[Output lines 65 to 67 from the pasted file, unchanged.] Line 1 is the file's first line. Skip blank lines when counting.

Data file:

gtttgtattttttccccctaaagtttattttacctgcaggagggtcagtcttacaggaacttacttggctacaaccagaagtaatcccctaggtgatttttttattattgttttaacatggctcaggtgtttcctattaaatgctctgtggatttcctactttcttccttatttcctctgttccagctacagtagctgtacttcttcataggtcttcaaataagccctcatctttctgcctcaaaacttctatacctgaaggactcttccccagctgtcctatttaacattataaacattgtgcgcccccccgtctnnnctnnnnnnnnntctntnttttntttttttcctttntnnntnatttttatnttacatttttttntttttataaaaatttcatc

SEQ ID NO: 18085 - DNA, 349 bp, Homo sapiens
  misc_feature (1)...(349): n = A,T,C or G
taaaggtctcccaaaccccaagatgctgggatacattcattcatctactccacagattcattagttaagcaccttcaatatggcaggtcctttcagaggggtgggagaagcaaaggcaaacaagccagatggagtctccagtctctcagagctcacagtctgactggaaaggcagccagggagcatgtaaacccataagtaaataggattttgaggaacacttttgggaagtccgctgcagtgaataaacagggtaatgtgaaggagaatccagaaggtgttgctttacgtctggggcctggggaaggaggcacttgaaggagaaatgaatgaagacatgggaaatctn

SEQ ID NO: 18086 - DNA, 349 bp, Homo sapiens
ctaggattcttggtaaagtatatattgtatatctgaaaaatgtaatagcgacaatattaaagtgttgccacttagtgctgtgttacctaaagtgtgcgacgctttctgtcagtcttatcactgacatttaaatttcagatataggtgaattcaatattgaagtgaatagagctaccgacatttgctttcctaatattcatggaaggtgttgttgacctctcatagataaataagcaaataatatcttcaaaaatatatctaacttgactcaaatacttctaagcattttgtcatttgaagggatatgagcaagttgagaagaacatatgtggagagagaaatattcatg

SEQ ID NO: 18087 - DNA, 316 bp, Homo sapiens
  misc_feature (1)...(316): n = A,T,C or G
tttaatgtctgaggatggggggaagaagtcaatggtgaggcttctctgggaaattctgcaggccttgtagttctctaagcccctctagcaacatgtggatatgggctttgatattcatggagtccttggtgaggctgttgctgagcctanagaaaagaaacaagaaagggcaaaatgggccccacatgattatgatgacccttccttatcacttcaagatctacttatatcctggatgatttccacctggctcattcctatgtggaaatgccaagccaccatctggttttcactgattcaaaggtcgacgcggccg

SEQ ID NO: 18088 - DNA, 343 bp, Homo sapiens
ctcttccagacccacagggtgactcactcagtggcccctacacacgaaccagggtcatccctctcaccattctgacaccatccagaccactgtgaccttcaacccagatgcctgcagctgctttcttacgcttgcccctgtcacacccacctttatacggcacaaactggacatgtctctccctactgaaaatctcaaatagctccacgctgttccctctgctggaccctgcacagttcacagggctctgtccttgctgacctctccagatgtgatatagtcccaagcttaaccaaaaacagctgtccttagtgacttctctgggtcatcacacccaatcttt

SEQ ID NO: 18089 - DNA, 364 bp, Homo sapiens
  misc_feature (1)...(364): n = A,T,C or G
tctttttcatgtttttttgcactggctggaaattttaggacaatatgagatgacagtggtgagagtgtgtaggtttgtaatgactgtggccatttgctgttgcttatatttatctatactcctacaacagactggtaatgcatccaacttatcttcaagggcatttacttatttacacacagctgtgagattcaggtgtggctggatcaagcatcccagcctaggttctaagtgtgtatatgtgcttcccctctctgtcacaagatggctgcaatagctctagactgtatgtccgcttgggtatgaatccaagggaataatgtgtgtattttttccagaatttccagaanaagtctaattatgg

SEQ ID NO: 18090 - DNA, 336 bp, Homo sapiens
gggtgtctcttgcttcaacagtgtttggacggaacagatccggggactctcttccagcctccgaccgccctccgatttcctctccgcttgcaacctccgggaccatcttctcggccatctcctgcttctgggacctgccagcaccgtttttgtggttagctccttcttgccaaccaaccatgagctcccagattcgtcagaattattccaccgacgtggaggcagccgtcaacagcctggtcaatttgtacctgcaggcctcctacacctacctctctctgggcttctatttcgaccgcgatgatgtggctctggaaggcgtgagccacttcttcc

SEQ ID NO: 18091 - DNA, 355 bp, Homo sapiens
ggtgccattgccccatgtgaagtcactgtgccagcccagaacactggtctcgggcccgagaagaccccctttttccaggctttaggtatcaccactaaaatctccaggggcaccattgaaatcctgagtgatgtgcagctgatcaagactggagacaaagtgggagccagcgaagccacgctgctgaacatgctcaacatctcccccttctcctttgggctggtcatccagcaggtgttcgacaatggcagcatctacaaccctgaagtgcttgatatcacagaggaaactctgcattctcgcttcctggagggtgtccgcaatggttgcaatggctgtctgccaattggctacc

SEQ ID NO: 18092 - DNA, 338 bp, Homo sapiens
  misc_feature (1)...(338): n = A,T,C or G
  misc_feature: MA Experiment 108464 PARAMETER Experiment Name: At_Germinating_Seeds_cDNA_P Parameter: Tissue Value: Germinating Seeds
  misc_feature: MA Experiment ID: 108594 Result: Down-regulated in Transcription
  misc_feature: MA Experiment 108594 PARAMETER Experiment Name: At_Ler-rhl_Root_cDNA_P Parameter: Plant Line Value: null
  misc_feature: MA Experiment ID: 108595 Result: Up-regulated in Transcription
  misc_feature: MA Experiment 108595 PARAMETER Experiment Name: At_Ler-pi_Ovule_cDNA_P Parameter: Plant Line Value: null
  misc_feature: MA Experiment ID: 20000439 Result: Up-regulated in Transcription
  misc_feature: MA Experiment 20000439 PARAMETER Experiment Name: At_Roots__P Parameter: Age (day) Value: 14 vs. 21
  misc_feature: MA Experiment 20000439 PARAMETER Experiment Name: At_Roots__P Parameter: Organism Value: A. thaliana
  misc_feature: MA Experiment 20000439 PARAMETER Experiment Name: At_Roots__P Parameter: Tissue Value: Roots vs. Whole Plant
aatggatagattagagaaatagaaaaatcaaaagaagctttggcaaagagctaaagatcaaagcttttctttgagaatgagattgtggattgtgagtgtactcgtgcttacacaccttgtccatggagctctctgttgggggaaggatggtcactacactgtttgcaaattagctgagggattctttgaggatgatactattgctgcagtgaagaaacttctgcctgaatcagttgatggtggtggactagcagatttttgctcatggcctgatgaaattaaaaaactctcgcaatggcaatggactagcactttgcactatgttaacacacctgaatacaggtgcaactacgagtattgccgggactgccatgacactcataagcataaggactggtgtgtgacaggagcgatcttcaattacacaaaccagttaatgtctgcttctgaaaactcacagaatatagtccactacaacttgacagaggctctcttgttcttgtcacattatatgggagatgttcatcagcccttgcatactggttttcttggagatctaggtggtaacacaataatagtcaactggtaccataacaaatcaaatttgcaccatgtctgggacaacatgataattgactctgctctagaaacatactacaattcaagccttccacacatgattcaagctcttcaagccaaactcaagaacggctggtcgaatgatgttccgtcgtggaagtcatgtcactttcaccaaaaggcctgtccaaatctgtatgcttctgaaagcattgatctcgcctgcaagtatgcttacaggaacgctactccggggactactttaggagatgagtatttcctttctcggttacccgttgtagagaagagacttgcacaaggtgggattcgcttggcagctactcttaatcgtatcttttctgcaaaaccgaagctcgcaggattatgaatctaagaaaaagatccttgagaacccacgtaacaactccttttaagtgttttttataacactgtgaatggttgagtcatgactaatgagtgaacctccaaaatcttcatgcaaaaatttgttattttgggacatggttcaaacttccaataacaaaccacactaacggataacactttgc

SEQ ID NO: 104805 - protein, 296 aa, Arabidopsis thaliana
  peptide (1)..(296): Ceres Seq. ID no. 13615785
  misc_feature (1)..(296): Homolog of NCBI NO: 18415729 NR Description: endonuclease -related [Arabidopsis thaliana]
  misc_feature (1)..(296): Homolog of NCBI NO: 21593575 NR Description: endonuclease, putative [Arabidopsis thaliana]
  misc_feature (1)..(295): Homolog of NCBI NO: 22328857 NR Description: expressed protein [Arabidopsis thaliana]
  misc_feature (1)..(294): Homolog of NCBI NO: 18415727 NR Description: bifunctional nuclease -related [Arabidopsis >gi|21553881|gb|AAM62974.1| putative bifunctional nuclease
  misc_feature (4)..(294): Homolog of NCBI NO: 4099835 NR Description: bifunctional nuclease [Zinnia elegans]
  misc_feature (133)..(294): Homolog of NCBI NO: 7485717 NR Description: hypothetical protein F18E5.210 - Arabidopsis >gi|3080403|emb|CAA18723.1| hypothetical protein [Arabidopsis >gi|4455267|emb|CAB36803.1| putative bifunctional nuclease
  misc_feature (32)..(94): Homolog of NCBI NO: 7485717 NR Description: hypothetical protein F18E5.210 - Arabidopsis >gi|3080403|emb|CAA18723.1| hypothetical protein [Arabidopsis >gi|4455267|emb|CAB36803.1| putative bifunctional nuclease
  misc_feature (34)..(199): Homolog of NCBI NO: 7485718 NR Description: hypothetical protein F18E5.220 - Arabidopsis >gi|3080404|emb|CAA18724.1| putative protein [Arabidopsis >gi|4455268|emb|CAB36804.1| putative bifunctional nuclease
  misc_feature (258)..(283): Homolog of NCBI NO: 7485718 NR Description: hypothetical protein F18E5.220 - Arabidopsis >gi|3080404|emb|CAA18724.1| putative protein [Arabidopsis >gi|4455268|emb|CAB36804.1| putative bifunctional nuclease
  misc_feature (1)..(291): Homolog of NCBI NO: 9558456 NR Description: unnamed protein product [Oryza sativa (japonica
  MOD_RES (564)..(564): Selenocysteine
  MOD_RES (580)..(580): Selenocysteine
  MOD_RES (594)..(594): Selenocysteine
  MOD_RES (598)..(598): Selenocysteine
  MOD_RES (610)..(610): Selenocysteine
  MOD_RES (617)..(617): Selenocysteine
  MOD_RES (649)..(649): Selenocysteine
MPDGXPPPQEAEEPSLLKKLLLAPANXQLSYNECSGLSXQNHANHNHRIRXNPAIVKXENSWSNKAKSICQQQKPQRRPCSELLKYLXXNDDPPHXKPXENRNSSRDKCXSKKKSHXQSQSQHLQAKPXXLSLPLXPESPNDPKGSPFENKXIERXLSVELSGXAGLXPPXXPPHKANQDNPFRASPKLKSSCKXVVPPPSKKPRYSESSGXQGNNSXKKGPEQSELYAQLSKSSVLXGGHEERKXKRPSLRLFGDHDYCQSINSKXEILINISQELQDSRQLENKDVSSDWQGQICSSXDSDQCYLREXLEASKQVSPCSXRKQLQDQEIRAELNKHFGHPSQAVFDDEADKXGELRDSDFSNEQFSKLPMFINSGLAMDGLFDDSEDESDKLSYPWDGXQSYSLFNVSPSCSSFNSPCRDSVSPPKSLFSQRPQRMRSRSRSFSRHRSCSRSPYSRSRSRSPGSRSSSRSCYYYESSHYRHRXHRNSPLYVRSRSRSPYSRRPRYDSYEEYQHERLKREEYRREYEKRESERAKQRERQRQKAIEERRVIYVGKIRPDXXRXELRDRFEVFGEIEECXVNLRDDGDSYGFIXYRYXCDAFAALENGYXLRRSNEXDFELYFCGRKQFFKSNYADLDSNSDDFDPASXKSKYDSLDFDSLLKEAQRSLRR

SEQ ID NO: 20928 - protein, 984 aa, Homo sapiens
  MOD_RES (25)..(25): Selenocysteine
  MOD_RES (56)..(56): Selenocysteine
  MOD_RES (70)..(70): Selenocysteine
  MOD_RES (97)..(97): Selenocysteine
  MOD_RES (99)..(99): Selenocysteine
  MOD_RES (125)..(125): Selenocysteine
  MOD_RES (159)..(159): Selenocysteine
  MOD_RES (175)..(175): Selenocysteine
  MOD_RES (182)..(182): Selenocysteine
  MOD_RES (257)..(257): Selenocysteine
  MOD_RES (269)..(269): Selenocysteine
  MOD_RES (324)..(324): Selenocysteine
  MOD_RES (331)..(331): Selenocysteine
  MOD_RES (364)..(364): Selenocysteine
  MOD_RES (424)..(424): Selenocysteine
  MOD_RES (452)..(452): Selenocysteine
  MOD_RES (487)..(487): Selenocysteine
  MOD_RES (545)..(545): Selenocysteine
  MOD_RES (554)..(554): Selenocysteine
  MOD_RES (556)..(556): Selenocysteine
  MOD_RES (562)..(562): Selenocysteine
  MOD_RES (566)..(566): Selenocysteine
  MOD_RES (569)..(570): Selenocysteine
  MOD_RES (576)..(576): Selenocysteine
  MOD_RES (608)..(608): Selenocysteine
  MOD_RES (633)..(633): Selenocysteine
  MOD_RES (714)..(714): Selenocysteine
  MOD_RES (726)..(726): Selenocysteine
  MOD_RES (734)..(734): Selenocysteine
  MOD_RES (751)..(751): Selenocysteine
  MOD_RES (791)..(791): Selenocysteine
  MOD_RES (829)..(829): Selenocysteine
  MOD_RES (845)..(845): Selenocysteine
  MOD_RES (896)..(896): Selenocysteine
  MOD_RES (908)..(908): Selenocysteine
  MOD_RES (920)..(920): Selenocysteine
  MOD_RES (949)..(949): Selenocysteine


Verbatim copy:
  MOD_RES (364)..(364): Selenocysteine
  MOD_RES (424)..(424): Selenocysteine
  MOD_RES (452)..(452): Selenocysteine